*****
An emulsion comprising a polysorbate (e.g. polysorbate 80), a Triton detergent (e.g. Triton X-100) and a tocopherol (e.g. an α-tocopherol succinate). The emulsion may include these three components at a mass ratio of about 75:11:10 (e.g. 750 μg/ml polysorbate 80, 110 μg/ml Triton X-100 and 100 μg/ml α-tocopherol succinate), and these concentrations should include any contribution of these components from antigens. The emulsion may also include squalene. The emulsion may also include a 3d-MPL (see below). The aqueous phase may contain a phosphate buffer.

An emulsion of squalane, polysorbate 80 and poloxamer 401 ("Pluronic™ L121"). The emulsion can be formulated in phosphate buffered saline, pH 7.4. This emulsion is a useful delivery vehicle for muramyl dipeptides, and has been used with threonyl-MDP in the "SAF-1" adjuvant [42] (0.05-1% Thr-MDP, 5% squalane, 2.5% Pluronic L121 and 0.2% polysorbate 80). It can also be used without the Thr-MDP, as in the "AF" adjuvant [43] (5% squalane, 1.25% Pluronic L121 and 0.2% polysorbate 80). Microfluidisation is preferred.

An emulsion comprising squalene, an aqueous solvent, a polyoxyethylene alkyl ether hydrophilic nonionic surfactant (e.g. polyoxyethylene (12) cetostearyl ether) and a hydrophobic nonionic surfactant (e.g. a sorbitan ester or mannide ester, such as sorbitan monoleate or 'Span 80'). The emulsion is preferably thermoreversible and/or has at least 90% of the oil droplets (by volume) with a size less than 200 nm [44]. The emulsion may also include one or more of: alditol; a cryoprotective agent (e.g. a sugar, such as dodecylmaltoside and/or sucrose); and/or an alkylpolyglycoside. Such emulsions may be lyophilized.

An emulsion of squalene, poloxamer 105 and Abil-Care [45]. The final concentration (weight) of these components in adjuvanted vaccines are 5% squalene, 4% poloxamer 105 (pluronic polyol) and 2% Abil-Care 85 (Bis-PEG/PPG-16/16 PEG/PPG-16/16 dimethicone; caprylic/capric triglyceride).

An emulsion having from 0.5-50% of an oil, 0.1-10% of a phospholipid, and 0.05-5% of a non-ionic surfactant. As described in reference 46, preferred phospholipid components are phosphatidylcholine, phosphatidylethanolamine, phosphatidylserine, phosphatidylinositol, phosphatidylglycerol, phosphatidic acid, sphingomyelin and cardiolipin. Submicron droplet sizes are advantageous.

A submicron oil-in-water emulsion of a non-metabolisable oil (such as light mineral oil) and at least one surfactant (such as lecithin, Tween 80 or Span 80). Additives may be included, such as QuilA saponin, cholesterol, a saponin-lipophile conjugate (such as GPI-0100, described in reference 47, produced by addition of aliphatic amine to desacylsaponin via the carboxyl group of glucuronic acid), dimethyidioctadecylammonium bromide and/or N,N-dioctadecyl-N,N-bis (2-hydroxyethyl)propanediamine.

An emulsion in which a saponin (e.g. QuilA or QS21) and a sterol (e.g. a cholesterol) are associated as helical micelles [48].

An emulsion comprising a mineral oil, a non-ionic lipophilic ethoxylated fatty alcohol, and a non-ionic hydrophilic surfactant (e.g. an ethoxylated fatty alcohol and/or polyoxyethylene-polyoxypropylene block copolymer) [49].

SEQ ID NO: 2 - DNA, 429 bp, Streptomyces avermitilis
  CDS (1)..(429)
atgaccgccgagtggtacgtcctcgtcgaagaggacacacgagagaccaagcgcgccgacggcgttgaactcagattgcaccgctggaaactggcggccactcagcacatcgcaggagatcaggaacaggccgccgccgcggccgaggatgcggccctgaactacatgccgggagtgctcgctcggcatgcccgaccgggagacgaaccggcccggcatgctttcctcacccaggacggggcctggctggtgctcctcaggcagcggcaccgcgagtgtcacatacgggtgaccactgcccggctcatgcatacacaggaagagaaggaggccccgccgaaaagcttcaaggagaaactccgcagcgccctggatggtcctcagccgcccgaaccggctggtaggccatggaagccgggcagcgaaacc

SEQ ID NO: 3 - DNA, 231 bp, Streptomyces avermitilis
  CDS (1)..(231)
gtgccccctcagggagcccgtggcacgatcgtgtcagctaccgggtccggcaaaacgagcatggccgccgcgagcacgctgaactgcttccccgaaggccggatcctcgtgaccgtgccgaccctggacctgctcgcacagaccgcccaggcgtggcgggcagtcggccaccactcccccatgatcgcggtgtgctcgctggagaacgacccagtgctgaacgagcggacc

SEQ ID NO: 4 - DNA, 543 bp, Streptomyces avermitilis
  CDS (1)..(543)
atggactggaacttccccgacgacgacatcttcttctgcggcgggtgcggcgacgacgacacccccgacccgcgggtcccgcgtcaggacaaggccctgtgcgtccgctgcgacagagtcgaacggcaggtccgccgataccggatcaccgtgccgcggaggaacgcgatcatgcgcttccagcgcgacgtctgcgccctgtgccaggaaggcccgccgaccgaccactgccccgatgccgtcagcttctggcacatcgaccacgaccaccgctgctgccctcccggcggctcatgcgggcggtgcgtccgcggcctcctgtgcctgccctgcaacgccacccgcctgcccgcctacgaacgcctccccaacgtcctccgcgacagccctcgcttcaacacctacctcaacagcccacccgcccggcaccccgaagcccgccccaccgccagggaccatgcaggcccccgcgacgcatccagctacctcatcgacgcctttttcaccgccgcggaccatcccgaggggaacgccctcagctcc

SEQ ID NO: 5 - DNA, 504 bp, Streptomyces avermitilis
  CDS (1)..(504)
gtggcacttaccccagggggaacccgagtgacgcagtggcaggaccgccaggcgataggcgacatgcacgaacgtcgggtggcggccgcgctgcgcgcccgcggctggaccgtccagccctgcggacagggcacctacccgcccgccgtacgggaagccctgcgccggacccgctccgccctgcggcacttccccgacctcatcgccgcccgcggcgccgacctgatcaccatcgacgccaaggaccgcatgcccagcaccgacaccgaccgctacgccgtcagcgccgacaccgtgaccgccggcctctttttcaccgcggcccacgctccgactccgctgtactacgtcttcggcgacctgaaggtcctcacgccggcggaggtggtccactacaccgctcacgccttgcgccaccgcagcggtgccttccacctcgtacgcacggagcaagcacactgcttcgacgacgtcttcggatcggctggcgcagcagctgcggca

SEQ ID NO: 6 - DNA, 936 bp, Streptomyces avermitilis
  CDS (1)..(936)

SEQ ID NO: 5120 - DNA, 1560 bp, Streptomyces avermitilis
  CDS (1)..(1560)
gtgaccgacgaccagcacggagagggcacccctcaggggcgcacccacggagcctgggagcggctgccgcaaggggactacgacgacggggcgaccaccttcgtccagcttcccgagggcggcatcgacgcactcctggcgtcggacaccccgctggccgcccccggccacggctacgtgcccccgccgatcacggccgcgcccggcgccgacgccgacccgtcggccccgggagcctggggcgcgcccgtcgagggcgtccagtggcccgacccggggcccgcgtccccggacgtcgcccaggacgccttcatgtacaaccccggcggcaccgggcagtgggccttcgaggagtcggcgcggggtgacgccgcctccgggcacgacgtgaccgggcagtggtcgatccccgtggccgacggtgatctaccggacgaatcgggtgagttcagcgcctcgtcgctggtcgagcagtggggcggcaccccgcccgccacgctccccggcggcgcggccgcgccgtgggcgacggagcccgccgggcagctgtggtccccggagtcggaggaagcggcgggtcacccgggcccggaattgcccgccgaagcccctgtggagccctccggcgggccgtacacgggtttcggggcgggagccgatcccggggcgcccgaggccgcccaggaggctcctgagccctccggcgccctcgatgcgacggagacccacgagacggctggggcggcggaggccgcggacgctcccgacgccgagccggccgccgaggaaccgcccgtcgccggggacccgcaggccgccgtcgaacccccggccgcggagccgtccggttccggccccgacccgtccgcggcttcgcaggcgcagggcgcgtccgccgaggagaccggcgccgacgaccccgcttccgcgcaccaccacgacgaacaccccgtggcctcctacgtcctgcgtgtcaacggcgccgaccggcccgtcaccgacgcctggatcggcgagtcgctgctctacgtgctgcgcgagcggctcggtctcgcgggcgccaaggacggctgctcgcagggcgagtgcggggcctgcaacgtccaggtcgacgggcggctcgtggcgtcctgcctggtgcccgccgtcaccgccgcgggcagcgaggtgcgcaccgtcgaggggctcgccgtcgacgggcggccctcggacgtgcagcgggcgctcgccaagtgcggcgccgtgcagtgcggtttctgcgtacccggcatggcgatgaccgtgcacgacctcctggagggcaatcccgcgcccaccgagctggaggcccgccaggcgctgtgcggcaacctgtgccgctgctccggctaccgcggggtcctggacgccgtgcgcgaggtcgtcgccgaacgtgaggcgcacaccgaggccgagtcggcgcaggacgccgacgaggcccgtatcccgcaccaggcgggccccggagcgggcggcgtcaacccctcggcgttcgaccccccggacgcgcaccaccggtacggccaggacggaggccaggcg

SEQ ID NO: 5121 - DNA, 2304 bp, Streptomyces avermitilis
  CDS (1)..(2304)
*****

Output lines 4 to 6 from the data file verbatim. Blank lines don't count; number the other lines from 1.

An emulsion of squalene, poloxamer 105 and Abil-Care [45]. The final concentration (weight) of these components in adjuvanted vaccines are 5% squalene, 4% poloxamer 105 (pluronic polyol) and 2% Abil-Care 85 (Bis-PEG/PPG-16/16 PEG/PPG-16/16 dimethicone; caprylic/capric triglyceride).

An emulsion having from 0.5-50% of an oil, 0.1-10% of a phospholipid, and 0.05-5% of a non-ionic surfactant. As described in reference 46, preferred phospholipid components are phosphatidylcholine, phosphatidylethanolamine, phosphatidylserine, phosphatidylinositol, phosphatidylglycerol, phosphatidic acid, sphingomyelin and cardiolipin. Submicron droplet sizes are advantageous.

A submicron oil-in-water emulsion of a non-metabolisable oil (such as light mineral oil) and at least one surfactant (such as lecithin, Tween 80 or Span 80). Additives may be included, such as QuilA saponin, cholesterol, a saponin-lipophile conjugate (such as GPI-0100, described in reference 47, produced by addition of aliphatic amine to desacylsaponin via the carboxyl group of glucuronic acid), dimethyidioctadecylammonium bromide and/or N,N-dioctadecyl-N,N-bis (2-hydroxyethyl)propanediamine.